Title: First report of Oregon grape (Mahonia aquifolium) as an alternate host for the wheat stripe rust pathogen (Puccinia striiformis f. sp. tritici) under artificial inoculation Authors
|Wang, Meinan -|
Submitted to: Plant Disease
Publication Type: Peer Reviewed Journal
Publication Acceptance Date: January 19, 2013
Publication Date: January 29, 2013
Citation: Wang, M., Chen, X. 2013. First report of Oregon grape (Mahonia aquifolium) as an alternate host for the wheat stripe rust pathogen (Puccinia striiformis f. sp. tritici) under artificial inoculation. Plant Disease. 97:839. Interpretive Summary: The wheat stripe rust pathogen was recently found to be able to infect barberry (Berberis spp.) plants to complete its sexual life cycle, which has been known for the stem rust pathogen for hundreds years. Oregon grapes (Mahonia spp.), evergreen shrubs closely related to genus Berberis, are also known to be alternate hosts of the stem rust fungus. However, it was not clear whether Oregon grapes can be alternate hosts for the stripe rust fungus. Under controlled greenhouse conditions, seedlings of Mahonia aquifolium, a common native and ornamental plant species in the Pacific Northwest, were inoculated with teliospores of the stripe rust pathogen produced on wheat plants. Pycnia, one of the five spore stages in the complete life cycle of cereal rust fungi, appeared on the upper side of leaves 12 days after inoculation and aecia, another spore stage, were produced on the lower side of leaves 16 days after inoculation. Isolates of urediniospores, the most common spore stage on wheat and some other grass hosts, produced on wheat plants inoculated with aeciospores from mahonia plants were confirmed to be resulted from the sexual reproduction of the wheat stripe rust fungus on mahonia plants. The complete life cycle of the five spore stages for the wheat stripe rust was demonstrated in the greenhouse experiments with Mahonia aquifolium and wheat plants. The susceptibility of the mahonia species makes it useful for studying the genetics of the stripe rust fungus and epidemiology and evolution of the pathogen.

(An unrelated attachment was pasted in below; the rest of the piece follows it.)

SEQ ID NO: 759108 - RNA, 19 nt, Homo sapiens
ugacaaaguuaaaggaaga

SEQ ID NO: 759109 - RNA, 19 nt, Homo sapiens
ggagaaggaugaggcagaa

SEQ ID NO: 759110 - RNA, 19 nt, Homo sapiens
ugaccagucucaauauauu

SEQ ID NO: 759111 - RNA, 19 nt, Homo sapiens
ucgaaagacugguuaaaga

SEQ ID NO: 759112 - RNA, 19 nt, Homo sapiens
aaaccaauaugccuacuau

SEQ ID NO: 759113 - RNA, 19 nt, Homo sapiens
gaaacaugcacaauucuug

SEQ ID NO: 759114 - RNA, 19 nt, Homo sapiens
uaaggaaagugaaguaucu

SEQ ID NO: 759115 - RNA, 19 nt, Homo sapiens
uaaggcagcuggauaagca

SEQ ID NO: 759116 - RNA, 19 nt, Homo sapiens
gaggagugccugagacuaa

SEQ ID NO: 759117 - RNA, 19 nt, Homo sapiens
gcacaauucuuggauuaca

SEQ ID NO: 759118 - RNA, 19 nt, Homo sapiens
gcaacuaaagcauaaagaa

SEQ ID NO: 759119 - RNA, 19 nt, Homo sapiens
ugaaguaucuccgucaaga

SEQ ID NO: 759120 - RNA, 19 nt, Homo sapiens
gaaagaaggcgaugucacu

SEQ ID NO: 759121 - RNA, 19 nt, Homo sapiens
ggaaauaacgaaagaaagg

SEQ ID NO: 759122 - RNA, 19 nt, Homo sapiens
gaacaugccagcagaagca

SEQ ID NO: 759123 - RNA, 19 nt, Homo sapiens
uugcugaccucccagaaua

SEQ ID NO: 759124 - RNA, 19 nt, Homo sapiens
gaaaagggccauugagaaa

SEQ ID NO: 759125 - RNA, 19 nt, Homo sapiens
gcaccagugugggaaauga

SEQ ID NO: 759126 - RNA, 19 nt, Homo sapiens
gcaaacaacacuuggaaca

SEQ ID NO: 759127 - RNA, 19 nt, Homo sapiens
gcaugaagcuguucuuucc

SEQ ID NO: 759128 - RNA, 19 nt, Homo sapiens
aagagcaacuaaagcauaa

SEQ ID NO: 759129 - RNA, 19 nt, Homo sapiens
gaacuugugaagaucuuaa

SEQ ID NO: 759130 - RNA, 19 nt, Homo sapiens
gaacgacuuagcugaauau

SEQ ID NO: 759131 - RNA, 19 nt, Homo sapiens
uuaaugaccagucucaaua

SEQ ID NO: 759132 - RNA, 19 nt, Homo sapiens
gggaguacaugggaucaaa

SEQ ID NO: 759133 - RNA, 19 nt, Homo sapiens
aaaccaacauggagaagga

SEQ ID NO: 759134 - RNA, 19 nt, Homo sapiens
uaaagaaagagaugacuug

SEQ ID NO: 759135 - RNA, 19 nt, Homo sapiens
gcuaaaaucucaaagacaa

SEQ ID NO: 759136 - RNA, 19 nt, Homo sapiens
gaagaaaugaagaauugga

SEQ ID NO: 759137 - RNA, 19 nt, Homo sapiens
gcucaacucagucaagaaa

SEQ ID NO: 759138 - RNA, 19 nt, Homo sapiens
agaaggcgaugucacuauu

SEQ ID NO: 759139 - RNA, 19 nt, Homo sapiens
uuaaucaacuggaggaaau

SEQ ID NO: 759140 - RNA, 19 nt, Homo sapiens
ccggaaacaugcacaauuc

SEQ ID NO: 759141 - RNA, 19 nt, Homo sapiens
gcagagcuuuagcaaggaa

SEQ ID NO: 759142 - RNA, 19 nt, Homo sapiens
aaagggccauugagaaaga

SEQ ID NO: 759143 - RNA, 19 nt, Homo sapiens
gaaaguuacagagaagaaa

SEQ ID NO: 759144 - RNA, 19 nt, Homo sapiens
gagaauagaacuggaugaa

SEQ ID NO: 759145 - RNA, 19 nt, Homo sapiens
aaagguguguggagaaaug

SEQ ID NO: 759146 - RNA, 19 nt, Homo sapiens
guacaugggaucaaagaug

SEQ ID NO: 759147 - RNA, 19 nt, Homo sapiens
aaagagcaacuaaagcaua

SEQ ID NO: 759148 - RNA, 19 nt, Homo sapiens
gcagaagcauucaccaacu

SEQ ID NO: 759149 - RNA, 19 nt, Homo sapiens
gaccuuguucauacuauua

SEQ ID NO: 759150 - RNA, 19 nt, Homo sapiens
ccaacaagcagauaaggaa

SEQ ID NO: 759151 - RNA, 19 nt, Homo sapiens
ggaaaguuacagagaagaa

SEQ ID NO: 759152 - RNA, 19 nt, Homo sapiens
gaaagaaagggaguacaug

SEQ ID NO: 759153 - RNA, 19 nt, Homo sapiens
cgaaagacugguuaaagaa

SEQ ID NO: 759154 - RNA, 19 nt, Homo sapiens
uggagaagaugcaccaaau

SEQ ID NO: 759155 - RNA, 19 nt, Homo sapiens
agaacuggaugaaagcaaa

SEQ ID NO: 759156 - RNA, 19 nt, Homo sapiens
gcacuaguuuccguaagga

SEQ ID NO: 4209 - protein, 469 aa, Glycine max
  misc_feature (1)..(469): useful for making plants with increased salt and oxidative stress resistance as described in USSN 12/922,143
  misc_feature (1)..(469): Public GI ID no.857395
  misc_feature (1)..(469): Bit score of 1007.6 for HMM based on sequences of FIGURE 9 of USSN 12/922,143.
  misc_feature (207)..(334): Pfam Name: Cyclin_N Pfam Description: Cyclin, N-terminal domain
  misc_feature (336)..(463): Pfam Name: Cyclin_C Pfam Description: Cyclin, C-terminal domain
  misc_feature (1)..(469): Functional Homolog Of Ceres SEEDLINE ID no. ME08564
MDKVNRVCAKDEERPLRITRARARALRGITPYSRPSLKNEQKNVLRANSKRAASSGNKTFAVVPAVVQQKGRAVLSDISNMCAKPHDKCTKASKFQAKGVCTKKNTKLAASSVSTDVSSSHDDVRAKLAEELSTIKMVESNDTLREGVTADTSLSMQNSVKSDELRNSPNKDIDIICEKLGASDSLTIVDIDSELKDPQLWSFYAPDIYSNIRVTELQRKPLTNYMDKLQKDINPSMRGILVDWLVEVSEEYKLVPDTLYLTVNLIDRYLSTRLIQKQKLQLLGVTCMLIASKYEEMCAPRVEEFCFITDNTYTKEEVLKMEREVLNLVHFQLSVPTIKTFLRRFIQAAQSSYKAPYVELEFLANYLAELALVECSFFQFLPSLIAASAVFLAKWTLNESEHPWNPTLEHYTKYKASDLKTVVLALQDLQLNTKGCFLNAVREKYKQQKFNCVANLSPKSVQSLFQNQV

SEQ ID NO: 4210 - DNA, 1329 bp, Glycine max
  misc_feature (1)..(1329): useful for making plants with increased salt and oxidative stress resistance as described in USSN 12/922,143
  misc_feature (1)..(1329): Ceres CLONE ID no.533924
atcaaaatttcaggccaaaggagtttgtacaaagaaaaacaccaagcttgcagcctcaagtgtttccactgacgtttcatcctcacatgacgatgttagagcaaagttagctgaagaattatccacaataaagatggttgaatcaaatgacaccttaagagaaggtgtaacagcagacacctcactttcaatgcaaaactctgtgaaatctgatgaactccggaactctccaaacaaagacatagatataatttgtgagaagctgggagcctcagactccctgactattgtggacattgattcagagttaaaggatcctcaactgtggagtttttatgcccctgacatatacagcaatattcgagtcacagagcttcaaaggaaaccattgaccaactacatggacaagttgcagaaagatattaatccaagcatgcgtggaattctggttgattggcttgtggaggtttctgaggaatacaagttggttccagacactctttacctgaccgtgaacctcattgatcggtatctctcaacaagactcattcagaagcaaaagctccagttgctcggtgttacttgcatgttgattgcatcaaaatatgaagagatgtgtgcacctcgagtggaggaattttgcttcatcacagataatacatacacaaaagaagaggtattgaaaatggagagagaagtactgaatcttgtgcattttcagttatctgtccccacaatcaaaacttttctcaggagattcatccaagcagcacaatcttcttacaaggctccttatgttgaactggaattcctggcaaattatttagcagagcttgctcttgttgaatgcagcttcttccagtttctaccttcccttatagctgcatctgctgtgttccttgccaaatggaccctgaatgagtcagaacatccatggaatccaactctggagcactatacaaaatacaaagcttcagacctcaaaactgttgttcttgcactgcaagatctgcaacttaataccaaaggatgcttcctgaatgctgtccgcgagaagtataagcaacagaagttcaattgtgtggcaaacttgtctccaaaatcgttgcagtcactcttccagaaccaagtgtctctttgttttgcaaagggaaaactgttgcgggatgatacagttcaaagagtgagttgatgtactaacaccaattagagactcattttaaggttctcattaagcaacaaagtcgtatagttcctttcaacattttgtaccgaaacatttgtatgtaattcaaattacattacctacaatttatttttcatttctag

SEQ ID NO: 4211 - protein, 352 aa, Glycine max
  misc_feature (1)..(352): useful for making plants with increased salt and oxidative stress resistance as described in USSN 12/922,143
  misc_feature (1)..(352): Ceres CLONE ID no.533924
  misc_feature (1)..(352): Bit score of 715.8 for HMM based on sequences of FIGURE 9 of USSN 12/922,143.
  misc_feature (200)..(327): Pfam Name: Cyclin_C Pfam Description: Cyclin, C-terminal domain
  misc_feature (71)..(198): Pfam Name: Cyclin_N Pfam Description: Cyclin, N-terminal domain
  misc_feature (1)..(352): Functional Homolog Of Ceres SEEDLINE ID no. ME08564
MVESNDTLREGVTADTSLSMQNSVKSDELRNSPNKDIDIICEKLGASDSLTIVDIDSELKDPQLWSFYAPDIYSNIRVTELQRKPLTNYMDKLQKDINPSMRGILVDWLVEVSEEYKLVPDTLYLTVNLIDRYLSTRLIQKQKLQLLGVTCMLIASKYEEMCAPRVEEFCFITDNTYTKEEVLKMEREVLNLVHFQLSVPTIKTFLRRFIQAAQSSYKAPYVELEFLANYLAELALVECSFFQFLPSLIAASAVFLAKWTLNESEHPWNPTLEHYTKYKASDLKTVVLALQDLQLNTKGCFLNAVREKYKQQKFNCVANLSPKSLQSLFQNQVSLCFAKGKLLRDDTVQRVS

Technical Abstract: Cereal rusts are heteroecious fungi requiring cereal crops and other unrelated host species to complete their life cycle. Puccinia striiformis Westend. f. sp. tritici Erikss. (Pst), the wheat stripe rust pathogen, has five distinct spore types. Although wheat has been recognized as the primary host for production of urediniospores, teliospores, and basidiospores of Pst for centuries, only recently, barberry (Berberis spp.) was discovered to be an alternate host for production of pycniospores and aeciospores to complete its macrocyclic life cycle under artificial inoculation (1). Mahonia aquifolium (Pursh) Nutt. (syn. Berberis aquifolium Pursh) is an evergreen shrub closely related to genus Berberis. It is a native plant in the Pacific Northwest (PNW) distributing across British Columbia to northern California and commonly used as ornamental foliage. Aecia that were sometimes found on the leaves and fruit of mahonia plants in the PNW during our rust survey were identified mostly as the stem rust fungus (P. graminis). Stripe rust is an important wheat disease in the U. S. PNW and many parts of the world. To determine if mahonia can serve as an alternative host for Pst, like some Berberis spp. (1), we conducted artificial inoculation experiments under controlled greenhouse conditions. Mahonia seeds were sown in pots filled with soil mixture and the plants were grown in a greenhouse. Two sets of Pst telial samples were used as inoculums, race PST-127 collected from wheat straws in an experimental field near Pullman, WA and isolate 09-134 (also PST-127) generated on wheat plants grown in a greenhouse. Matured teliospores were transferred into distilled water under a dissecting microscope. The teliospore suspension was brushed onto leaves of 10-15 days old mahonia plants. The inoculated plants were kept in a dew chamber at 10oC for 72 h without light and then moved to a growth chamber with a diurnal temperature cycle gradually changed between 10oC at 2:00 am and 24oC at 2:00 pm with an 8-h dark/16-h light cycle. Reddish pycnia appeared on the upper side of leaves 12 d after inoculation and reddish aecia were produced on the lower side of leaves 16 d after inoculation. All of the 15 mahonia leaves inoculated with Pst teliospores produced pycnia and aecia. Five cups of aecia were transferred to a drop of water and the released aeciospores were brushed onto seedlings of wheat cultivars Nugaines and Avocet S, which are susceptible to all and most Pst races identified so far, respectively. The inoculated wheat plants were kept in a dew chamber at 10oC for 24 h and grown in the growth chamber at the same temperature and light settings as above. Uredinal sporulation started 15 days after inoculation and telia were formed about one month after inoculation. Virulence tests of randomly selected ten urediniospore isolates that were produced by single aeciospores showed that the progeny isolates and the parental isolate 09-134 had similar but different virulence spectra. Four Pst SSR markers (PstP001, PstP003, PstP005, and PstP029) (2), which identify homozygous loci in PST-127, showed that the ten progeny isolates had the same SSR marker pattern of the parental isolate. The results showed that M. aquifolium can serve as an alternative host for Pst. The susceptibility of M. aquifolium makes the species useful for genetic studies of Pst. Although we have not identified Pst aecia from mohonia samples with natural rust infection in the PNW in the last three years, mahonia plants could be infected by Pst when the production of teliospores meets the similar weather conditions as specified in this study. Due to the wide distribution of mahonia plants and the importance of wheat stripe rust in the PNW, further studies are needed to determine the role of Mohania spp. in the stripe rust disease cycle.